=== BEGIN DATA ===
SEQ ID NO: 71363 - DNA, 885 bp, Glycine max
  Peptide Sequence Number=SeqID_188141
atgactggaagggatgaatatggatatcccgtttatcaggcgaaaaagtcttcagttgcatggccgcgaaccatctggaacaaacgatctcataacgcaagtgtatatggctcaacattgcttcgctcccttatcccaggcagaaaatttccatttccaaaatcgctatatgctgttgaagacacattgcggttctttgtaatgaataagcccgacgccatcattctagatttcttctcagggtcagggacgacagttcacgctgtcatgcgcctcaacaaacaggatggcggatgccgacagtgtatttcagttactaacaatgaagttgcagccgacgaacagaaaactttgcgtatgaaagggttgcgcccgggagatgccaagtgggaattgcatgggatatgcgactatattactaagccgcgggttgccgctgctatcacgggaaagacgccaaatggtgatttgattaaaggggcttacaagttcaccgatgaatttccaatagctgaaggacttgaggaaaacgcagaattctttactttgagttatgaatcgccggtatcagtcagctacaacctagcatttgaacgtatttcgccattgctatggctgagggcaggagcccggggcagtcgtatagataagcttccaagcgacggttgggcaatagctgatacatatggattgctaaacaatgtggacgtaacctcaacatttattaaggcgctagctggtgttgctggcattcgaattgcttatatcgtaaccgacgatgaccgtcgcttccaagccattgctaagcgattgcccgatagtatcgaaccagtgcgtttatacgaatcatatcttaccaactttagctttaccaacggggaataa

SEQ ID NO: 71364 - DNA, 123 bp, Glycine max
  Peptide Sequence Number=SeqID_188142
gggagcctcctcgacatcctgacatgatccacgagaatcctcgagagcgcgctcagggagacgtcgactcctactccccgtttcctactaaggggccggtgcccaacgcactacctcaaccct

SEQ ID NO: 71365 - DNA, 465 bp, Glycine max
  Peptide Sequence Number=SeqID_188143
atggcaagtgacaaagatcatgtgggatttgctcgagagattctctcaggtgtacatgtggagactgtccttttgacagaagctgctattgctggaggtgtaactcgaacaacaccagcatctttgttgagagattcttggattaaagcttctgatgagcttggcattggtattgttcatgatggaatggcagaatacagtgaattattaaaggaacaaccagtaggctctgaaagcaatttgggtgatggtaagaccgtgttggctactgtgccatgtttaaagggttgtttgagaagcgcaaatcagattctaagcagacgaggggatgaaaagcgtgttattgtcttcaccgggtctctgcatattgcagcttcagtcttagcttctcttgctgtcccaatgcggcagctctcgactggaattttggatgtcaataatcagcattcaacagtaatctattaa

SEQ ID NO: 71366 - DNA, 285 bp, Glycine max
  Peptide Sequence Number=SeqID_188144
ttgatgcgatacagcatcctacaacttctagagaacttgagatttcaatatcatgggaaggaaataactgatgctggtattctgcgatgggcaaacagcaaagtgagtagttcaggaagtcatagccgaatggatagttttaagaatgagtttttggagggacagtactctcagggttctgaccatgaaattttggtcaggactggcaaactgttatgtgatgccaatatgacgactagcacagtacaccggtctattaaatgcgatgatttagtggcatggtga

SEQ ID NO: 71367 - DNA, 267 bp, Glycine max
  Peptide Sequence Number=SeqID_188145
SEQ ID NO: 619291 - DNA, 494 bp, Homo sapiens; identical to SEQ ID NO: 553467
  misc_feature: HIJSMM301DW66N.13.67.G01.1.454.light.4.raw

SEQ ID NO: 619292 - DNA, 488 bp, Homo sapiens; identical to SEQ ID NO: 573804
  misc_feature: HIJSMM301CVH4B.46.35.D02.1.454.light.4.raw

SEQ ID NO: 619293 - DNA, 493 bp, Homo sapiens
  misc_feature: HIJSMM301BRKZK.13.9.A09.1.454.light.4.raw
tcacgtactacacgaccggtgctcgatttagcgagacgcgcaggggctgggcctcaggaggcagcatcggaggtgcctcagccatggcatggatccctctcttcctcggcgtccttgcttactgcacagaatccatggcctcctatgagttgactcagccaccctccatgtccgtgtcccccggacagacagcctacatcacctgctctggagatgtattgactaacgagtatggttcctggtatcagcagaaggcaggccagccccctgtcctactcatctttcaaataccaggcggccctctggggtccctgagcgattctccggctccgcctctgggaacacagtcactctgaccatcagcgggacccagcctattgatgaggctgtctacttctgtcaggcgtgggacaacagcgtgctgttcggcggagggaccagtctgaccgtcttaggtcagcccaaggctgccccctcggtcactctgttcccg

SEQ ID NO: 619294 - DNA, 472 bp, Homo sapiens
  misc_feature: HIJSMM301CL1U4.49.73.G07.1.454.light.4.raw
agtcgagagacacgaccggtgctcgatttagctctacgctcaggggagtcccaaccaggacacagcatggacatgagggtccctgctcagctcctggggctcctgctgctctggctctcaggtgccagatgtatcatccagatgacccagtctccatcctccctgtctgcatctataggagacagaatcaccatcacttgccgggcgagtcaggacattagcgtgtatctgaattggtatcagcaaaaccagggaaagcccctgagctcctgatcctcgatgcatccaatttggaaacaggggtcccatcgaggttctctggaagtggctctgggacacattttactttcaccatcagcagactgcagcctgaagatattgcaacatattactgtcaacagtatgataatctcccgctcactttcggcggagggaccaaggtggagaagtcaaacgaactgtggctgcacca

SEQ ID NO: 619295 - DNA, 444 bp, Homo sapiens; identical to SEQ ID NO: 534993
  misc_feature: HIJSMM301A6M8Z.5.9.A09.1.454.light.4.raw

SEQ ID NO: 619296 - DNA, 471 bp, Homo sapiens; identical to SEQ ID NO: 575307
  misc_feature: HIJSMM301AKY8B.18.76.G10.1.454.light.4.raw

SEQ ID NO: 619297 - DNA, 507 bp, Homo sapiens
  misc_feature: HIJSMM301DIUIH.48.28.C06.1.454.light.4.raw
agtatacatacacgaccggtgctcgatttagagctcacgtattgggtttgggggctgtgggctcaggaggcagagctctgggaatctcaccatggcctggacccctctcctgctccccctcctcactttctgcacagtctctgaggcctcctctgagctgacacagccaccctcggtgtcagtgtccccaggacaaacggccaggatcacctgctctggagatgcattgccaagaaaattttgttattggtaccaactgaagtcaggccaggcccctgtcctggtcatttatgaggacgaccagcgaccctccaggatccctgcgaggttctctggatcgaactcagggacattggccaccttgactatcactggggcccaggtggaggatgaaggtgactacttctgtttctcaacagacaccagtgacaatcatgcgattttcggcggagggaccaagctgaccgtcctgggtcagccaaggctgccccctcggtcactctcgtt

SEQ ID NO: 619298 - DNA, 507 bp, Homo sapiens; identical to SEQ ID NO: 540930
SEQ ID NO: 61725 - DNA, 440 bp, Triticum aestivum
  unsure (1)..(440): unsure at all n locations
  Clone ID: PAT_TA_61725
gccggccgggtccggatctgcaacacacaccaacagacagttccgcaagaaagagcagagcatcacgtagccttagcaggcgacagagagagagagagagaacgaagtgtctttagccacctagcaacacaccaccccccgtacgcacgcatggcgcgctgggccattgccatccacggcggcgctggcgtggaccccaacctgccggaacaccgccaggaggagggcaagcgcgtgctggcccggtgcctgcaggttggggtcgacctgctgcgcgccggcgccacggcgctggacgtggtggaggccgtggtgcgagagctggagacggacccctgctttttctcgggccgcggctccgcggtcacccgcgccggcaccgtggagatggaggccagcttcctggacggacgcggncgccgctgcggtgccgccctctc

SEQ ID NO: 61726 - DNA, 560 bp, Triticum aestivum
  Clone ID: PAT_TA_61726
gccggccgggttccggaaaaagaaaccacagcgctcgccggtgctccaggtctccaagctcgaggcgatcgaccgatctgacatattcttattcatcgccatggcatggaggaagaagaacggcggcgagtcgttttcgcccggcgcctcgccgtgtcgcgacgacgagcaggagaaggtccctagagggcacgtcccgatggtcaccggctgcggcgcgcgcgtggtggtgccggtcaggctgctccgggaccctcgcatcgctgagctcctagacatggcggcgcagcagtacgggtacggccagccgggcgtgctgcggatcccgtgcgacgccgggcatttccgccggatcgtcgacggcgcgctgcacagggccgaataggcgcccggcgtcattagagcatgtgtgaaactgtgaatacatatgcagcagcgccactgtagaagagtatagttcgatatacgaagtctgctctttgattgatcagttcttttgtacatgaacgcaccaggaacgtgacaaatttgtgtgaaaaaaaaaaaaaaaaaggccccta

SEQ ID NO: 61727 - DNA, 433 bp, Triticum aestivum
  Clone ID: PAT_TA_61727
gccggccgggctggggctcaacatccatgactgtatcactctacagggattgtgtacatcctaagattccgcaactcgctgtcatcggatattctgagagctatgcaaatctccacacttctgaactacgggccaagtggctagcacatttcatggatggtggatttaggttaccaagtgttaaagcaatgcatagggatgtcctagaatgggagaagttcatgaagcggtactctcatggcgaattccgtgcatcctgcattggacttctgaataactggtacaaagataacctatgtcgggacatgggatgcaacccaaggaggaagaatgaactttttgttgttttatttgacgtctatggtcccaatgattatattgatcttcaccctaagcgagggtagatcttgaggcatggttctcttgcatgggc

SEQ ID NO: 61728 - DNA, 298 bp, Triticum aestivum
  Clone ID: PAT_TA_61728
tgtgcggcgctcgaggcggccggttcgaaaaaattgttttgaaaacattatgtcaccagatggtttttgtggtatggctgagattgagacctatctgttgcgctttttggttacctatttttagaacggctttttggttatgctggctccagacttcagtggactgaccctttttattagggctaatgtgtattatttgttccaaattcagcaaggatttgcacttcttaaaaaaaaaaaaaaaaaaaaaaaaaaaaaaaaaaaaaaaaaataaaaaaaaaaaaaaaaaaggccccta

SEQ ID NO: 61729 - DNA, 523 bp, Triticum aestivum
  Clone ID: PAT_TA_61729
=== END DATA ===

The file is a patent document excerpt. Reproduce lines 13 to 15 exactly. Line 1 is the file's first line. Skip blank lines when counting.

SEQ ID NO: 71367 - DNA, 267 bp, Glycine max
  Peptide Sequence Number=SeqID_188145
SEQ ID NO: 619291 - DNA, 494 bp, Homo sapiens; identical to SEQ ID NO: 553467